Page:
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RE: st: from normal to bimodal distribution

From   Linn Renée Naper <>
To   <>
Subject   RE: st: from normal to bimodal distribution
Date   Mon, 17 Nov 2008 16:17:59 +0100


The command from you Maarten works well with regard to generating a new variable with a 
bimodal distribution. 

I have generated a bimodal variable, one for each observation, 
and then added it to the original price. 

But, I am still not sure how adding this kind of variable to the original prices will help me 
to change the distribution in the way I want to. 
At least I haven't yet figured out exactly how this may be done.

I want to "force" the old prices into having a "new distributional shape" with two peaks, 
but I do not necessarily want to change the global mean very much. My prices have the 
following distribution (in case it may be useful to know in order to comment on this):

  variable |      mean       min       max        sd  variance       p25       p50       p75
       mip |  60.28128  8.918235  776.2332  39.47987   1558.66  36.53056  48.77862  69.81553

I realize that the distribution of the "new prices" 
will vary with how I define means and sd of the bimodal variable.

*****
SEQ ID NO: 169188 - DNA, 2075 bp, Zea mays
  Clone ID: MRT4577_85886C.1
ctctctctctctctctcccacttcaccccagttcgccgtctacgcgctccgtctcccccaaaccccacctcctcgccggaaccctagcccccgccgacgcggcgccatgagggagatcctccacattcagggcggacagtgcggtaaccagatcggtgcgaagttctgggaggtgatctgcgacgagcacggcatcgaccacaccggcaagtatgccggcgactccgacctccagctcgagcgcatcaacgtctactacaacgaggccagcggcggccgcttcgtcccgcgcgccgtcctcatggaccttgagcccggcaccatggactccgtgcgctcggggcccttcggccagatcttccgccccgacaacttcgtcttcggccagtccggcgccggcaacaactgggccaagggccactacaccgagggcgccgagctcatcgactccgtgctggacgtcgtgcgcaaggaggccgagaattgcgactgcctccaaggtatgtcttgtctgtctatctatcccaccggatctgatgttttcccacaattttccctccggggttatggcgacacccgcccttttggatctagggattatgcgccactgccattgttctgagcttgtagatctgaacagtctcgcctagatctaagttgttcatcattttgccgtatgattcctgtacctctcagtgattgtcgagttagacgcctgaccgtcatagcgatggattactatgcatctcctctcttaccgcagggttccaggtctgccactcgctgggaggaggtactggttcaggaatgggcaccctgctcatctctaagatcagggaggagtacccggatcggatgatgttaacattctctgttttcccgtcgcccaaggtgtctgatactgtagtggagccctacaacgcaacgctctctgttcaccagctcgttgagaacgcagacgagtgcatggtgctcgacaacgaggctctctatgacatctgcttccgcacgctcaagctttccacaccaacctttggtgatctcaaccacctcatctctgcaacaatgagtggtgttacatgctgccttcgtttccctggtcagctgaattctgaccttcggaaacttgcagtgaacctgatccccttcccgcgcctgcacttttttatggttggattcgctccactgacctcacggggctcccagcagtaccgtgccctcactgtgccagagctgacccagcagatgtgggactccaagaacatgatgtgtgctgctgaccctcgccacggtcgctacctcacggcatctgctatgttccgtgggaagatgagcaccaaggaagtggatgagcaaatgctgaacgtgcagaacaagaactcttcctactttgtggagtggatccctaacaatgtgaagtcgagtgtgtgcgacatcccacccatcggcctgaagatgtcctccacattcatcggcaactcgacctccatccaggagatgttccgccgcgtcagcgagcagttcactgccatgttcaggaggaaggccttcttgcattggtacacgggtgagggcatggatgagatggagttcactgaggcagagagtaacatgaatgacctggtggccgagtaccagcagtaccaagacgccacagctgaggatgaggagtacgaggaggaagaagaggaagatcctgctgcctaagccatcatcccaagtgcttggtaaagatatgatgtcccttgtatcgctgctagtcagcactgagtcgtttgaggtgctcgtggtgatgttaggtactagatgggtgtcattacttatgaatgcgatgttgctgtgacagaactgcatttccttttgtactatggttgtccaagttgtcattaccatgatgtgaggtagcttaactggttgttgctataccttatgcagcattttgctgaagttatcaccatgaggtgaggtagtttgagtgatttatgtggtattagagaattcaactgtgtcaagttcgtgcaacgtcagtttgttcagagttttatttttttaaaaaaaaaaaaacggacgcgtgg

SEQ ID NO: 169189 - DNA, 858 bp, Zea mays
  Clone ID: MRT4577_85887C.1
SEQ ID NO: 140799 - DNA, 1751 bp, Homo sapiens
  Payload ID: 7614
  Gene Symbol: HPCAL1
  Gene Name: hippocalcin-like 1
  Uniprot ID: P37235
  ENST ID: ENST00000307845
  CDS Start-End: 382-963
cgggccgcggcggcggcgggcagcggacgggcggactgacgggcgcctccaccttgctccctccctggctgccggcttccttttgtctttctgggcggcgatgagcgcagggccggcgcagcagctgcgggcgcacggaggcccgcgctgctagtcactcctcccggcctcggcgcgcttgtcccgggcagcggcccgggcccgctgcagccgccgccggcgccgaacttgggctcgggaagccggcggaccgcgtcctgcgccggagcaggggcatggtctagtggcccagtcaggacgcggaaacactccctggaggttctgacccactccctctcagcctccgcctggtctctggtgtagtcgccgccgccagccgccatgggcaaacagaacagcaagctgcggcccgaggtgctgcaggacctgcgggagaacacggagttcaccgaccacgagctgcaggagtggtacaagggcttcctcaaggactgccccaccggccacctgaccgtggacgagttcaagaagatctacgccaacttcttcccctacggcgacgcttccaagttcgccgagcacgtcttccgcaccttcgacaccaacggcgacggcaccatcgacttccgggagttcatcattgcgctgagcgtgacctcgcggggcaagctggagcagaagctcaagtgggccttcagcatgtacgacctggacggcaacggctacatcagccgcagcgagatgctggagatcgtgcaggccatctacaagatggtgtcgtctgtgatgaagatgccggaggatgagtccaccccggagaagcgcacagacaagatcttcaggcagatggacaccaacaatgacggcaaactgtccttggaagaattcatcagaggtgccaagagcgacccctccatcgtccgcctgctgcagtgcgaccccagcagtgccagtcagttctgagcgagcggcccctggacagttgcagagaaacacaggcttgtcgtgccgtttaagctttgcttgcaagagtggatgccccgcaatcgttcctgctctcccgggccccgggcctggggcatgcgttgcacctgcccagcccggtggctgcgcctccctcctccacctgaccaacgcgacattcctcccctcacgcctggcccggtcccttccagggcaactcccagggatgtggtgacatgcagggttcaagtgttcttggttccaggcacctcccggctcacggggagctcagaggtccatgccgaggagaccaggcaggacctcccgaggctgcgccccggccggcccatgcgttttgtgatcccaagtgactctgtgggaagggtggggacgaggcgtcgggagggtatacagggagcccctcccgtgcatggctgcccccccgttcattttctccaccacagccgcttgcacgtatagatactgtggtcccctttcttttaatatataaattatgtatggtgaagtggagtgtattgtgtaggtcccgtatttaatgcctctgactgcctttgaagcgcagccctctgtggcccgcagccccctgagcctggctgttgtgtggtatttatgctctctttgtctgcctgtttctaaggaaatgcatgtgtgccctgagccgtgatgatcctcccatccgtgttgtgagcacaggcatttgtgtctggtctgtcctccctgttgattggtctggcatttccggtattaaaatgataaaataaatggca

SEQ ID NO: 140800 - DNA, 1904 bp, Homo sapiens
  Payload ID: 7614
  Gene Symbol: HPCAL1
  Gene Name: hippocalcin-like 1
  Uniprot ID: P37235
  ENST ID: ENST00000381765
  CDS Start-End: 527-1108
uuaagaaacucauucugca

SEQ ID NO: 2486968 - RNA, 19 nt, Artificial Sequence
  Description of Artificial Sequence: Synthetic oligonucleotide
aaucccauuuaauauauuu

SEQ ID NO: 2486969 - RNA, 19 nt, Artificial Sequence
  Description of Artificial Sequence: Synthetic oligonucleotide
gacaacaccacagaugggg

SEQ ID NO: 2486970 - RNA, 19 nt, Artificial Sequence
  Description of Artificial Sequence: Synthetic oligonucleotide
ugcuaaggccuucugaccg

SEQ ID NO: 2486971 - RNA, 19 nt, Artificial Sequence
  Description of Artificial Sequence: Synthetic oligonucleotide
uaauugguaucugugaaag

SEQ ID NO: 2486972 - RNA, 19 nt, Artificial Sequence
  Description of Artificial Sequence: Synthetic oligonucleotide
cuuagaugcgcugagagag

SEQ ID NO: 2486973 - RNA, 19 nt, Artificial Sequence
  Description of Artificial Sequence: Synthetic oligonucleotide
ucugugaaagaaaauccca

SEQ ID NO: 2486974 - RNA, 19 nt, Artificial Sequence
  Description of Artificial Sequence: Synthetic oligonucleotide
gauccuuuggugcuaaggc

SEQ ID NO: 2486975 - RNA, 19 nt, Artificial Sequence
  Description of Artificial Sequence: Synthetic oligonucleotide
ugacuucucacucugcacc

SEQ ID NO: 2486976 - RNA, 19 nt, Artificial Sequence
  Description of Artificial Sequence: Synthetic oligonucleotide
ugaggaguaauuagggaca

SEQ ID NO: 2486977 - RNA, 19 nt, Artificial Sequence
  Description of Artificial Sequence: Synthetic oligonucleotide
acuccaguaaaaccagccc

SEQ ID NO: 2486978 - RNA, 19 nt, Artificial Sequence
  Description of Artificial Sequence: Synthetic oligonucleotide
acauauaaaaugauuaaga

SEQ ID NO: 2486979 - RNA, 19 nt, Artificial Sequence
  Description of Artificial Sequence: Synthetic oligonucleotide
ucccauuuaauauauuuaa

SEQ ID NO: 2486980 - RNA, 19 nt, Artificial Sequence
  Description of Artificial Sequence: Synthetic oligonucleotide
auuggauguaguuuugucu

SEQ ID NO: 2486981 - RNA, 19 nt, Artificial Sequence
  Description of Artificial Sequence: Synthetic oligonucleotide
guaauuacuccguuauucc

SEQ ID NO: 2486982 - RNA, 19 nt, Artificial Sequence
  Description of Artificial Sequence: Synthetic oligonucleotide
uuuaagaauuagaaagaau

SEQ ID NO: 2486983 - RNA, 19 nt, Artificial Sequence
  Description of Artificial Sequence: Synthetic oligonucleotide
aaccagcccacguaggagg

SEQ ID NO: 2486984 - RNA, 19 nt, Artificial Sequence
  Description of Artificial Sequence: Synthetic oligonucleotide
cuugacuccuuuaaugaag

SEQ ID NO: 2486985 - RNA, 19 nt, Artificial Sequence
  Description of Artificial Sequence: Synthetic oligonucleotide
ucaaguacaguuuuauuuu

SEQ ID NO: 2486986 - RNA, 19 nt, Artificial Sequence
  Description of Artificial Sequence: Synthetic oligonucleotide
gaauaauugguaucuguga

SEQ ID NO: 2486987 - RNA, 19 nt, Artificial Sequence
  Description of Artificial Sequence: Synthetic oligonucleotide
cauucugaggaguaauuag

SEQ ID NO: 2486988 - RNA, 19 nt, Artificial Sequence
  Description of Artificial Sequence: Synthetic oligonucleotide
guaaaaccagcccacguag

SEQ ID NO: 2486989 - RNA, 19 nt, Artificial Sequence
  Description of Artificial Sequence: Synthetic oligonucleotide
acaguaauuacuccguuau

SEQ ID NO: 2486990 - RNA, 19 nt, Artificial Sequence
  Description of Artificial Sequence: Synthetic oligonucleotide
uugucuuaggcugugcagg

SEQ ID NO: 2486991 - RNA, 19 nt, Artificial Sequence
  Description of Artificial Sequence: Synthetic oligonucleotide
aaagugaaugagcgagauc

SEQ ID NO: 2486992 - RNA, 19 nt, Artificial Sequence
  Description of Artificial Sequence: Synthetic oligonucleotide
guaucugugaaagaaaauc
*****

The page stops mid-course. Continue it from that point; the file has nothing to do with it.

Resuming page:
Moreover, the prices will be changed randomly even though the changes are 
drawn from a bimodal distribution, so what I might need is some weighting of the observations
in order to get the "shape" that I want.

Alternatively, is there a way to for example redefine the percentiles in an 
already existing distribution perhaps? Or in some other way imposing the distributional change 
directly to the original data (the original price)?


-----Opprinnelig melding-----
Fra: [] På vegne av Maarten buis
Sendt: 17. november 2008 11:45
Emne: Re: st: from normal to bimodal distribution

--- Linn Renée Naper <> wrote:
> How do I tell Stata to draw random variables or generate a stochastic
> variable with a bimodal distribution? Can the rnd-command by Hilde be
> used?

You can create a mixture of Gaussian (normal) distributions, like in
the example below: the local p represents the probability of belonging
to group 1, the locals mu1 and mu2 represents the means of group 1 and
2 respectively, and the locals sd1 and sd2 the standard deviations in
group 1 and group 2. 

*--------------- begin example -----------------
drop _all
set obs 10000

local p = .5

local sd1 = .75
local sd2 = 1.5

local mu1 = -2
local mu2 = 2

gen u = uniform()
gen e = invnorm(uniform()) * ///
        cond(u < `p', `sd1', `sd2') + ///
        cond(u < `p', `mu1', `mu2')

hist e
*---------------- end example ---------------------
(For more on how to use examples I sent to the Statalist, see )

Hope this helps,

Maarten L. Buis
Department of Social Research Methodology
Vrije Universiteit Amsterdam
Boelelaan 1081
1081 HV Amsterdam
The Netherlands

visiting address:
Buitenveldertselaan 3 (Metropolitan), room N515

+31 20 5986715

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